Saturday, May 09, 2009


If you ever need a story for a particular purpose, you only have to ask a few storytellers for suggestions. I really must declare, with no reservations, that storytellers are the most generous networkers I have ever found. Here’s a story to prove it.
When Edmonton’s Food Bank asked me for a fund-raising dinner keynote, I wanted to tell stories about sharing and celebrating with food. I had one story of my own—a tale about a woman who would only help the food bank if they would accept her dried beans rather than the canned beans they were asking for. It was a relevant story, but hardly inspiring standing there all alone. I needed something more.
I asked some local storytellers for suggestions. They sent a smorgasbord from which I chose one from Renee Englot, a Thai riddle about a man who searches for a daughter-in-law by asking eligible women how they would use a large fish to feed a family for a long time. Though various candidates suggested ways of preserving the fish, the winner said she would cook up the fish with many vegetables, excellent spices and lots of rice, then share it with her friends and neighbours so they would remember her if ever her family was hungry. It was a great story, and I knew there must be more. So I kept searching.
I put out the word on the Healing Story Alliance mailing list, Its members sent me a buffet of ideas. The one I used came from Rita Paskowitz of Omaha Nebraska. It’s a heaven and hell story about people with very long arms. In Hell they are starving, trying to feed themselves with arms too long to reach their mouths. In Heaven they are flourishing, using their long arms to feed each other. With this variety of offerings, I thought I had finished searching.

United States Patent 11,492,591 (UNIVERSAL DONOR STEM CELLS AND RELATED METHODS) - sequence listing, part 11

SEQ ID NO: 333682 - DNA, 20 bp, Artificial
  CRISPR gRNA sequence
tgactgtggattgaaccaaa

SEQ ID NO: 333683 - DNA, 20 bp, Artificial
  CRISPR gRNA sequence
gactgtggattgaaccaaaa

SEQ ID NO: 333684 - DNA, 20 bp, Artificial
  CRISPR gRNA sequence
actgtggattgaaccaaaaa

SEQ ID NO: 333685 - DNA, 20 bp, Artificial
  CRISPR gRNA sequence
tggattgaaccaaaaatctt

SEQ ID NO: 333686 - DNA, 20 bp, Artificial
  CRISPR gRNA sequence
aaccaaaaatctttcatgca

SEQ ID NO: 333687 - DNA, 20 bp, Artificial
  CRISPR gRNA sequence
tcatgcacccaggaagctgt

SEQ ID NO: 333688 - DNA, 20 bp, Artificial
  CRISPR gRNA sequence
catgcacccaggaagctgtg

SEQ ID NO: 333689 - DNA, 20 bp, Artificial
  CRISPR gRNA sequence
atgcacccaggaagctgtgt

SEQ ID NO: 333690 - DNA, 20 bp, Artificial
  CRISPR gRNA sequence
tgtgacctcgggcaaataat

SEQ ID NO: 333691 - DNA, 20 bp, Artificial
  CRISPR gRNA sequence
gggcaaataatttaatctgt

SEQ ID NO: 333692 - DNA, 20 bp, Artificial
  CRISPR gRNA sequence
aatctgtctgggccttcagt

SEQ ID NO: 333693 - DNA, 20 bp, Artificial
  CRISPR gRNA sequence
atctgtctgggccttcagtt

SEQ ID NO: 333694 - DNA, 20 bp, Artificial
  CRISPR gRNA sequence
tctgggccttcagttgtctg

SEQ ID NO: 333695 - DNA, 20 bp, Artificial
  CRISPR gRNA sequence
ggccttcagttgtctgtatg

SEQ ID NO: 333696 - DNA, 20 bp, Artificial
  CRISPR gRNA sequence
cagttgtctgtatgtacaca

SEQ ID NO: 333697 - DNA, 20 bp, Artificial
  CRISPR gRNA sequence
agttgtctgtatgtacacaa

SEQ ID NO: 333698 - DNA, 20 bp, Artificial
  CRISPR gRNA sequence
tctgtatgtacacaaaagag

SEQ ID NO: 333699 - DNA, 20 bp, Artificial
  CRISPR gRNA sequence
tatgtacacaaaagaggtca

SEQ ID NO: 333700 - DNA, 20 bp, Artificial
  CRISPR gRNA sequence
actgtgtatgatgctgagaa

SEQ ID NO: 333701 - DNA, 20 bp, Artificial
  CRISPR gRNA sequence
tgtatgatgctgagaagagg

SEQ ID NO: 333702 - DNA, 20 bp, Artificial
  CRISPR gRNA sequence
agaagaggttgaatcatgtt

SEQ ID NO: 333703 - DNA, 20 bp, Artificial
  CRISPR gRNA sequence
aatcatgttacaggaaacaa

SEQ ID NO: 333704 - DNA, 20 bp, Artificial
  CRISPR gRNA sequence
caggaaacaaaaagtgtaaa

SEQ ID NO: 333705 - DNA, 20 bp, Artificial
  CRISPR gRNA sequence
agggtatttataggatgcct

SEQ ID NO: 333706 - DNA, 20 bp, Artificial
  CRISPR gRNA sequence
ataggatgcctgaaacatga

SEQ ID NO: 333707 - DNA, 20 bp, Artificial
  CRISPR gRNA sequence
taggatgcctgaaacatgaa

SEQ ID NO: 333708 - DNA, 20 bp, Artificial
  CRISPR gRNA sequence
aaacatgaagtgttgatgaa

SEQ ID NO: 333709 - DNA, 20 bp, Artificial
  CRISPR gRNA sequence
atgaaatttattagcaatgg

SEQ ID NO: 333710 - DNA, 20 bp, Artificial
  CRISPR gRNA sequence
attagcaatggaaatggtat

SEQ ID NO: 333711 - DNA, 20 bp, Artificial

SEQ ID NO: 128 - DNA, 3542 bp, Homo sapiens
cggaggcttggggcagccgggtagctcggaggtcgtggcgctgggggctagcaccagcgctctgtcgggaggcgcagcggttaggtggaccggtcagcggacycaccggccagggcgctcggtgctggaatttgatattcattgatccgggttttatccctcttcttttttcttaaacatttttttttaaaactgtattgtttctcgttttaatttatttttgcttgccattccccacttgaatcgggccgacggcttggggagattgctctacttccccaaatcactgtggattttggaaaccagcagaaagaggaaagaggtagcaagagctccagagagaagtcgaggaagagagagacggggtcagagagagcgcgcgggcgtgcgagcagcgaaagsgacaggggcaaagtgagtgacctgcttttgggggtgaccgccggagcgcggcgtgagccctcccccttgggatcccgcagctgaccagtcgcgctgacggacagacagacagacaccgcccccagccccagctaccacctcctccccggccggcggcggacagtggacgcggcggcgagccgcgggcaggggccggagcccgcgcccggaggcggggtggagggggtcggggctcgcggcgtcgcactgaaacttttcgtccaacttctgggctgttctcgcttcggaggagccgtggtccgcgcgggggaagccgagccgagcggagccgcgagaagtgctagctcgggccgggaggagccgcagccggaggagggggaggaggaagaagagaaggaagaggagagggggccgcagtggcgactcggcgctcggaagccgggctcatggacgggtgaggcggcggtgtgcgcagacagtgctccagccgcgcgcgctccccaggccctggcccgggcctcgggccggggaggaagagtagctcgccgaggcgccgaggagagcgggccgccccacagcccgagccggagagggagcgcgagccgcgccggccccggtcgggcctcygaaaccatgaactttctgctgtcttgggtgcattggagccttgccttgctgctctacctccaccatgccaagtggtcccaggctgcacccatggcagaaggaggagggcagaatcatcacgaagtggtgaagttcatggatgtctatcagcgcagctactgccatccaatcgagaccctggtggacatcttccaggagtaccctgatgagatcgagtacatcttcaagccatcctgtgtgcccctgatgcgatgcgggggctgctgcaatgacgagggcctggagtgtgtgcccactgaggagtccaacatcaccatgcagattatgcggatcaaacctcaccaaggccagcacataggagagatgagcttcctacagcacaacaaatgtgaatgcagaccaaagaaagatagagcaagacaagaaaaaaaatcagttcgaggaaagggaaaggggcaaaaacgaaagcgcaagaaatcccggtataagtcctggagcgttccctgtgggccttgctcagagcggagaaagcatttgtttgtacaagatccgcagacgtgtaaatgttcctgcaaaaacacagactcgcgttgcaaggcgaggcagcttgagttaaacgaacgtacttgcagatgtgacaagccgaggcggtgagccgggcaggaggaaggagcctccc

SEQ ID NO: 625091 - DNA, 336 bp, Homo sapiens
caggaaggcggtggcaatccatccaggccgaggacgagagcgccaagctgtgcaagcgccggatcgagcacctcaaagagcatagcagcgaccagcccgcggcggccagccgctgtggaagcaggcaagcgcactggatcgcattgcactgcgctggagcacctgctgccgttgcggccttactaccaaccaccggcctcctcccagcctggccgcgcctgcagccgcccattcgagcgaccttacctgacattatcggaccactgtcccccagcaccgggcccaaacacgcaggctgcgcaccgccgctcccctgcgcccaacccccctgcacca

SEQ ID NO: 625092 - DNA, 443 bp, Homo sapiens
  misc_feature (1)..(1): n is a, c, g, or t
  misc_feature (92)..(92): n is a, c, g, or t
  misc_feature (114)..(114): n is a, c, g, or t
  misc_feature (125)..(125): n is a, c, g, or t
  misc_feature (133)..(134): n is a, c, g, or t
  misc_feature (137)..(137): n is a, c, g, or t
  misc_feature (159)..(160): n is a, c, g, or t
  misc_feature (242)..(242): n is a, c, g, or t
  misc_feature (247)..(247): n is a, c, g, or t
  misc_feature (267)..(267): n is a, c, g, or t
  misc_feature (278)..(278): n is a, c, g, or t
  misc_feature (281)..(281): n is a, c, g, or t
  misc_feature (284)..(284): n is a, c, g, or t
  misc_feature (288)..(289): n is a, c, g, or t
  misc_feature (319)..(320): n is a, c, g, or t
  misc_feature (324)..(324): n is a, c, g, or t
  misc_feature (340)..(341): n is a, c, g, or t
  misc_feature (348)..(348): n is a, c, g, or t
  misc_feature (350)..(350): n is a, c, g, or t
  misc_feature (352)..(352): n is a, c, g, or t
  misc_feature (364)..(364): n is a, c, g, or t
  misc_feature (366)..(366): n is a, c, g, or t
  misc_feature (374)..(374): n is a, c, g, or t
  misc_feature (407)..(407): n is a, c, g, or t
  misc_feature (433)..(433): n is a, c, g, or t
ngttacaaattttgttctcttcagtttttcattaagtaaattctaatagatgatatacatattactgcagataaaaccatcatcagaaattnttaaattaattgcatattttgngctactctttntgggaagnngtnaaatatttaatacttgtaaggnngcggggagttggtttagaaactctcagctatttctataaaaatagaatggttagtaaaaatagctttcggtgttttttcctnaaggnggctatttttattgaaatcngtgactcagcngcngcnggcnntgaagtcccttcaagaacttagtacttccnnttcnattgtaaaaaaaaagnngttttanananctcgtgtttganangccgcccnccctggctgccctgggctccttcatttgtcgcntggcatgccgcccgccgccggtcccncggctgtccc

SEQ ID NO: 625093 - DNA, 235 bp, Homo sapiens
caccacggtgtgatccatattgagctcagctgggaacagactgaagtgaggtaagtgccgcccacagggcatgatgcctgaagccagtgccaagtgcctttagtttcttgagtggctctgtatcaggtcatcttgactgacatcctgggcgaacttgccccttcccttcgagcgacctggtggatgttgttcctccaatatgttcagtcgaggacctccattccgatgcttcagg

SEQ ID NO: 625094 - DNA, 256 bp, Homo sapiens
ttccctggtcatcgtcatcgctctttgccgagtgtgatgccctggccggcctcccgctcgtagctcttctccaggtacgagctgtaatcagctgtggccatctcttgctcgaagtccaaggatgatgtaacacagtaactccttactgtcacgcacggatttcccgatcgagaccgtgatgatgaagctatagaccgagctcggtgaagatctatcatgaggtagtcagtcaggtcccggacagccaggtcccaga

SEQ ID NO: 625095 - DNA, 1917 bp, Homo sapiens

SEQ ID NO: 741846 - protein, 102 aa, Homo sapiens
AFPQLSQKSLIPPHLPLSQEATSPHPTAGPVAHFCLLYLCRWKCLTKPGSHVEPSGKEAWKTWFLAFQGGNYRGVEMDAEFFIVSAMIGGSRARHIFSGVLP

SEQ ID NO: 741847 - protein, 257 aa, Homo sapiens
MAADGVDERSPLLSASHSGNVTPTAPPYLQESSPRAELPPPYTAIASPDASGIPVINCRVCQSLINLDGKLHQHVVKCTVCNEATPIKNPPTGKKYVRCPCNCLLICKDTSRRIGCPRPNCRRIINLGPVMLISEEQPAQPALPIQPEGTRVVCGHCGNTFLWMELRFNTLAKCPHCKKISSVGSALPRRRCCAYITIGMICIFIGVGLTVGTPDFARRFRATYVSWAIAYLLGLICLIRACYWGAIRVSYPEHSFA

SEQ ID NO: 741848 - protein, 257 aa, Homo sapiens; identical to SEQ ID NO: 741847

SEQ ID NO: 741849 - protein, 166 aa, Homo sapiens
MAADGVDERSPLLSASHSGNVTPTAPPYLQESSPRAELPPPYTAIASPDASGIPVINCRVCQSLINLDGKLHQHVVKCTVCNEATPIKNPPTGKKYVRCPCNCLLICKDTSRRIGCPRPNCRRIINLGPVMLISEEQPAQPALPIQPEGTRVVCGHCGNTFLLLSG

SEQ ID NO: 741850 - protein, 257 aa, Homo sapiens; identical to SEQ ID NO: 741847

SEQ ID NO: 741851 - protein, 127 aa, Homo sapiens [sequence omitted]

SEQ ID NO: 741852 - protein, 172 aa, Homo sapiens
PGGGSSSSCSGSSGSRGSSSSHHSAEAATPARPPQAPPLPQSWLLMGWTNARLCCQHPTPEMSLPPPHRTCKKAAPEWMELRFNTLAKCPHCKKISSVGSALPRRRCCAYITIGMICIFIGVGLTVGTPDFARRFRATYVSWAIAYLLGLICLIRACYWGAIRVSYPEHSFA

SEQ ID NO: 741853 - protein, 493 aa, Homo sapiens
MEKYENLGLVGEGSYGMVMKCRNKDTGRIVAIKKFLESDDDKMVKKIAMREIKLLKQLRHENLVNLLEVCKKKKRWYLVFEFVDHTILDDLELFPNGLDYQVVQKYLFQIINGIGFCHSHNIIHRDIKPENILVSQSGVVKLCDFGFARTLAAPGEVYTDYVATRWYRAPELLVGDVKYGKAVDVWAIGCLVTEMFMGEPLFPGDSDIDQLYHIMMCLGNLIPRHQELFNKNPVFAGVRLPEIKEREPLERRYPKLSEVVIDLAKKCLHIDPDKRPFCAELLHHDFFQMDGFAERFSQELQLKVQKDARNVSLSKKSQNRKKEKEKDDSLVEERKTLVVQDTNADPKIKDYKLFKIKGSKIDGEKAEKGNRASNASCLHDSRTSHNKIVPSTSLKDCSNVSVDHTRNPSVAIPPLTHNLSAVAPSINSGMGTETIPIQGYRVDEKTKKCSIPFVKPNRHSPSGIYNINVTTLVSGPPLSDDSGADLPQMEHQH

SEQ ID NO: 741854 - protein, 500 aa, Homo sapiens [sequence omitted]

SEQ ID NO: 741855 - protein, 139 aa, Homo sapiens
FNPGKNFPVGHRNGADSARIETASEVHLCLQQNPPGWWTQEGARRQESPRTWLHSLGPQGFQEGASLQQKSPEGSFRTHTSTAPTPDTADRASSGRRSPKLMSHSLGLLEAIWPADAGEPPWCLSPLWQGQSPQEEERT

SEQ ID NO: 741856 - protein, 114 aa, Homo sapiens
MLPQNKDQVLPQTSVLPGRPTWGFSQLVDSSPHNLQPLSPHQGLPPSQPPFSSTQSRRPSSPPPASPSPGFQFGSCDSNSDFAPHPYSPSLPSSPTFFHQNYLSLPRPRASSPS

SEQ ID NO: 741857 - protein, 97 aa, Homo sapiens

But the bounty continued. A few days later I received a note from Jackie Baldwin, moderator of a website called Story Lovers World Story Lovers world has a huge number of stories and books of stories indexed by topics. She drew my attention to the food section. It’s like going to a story Super Store. There I found a little story about a dying man who woke up, knowing he’d gone to Heaven because he could smell freshly baked chocolate chip cookies. Noticing that he was in a room very much like his own, he climbed out of bed, made his way to a kitchen like his own, and found hundreds of cookies, some in containers, some cooling on racks, some in the oven and some waiting to go in. Tentatively he reached for a warm cookie. Bam!! A spatula struck his wrist. His wife cried, “Don’t touch those. I’m baking them for the funeral.” With that, I truly had enough stories to meet my needs.
I ended the presentation with the hope that Edmontonians would be as generous with food as storytellers are with stories—and I meant it too.

1 comment:

Dale said...

Hey Wendy, great stories!!
I have a similar one to the one from Nebraska about the people with long arms. The only real difference is that instead of having long arms, the people were given extra long utensils to use, the only rule being that they must use their utensils to eat.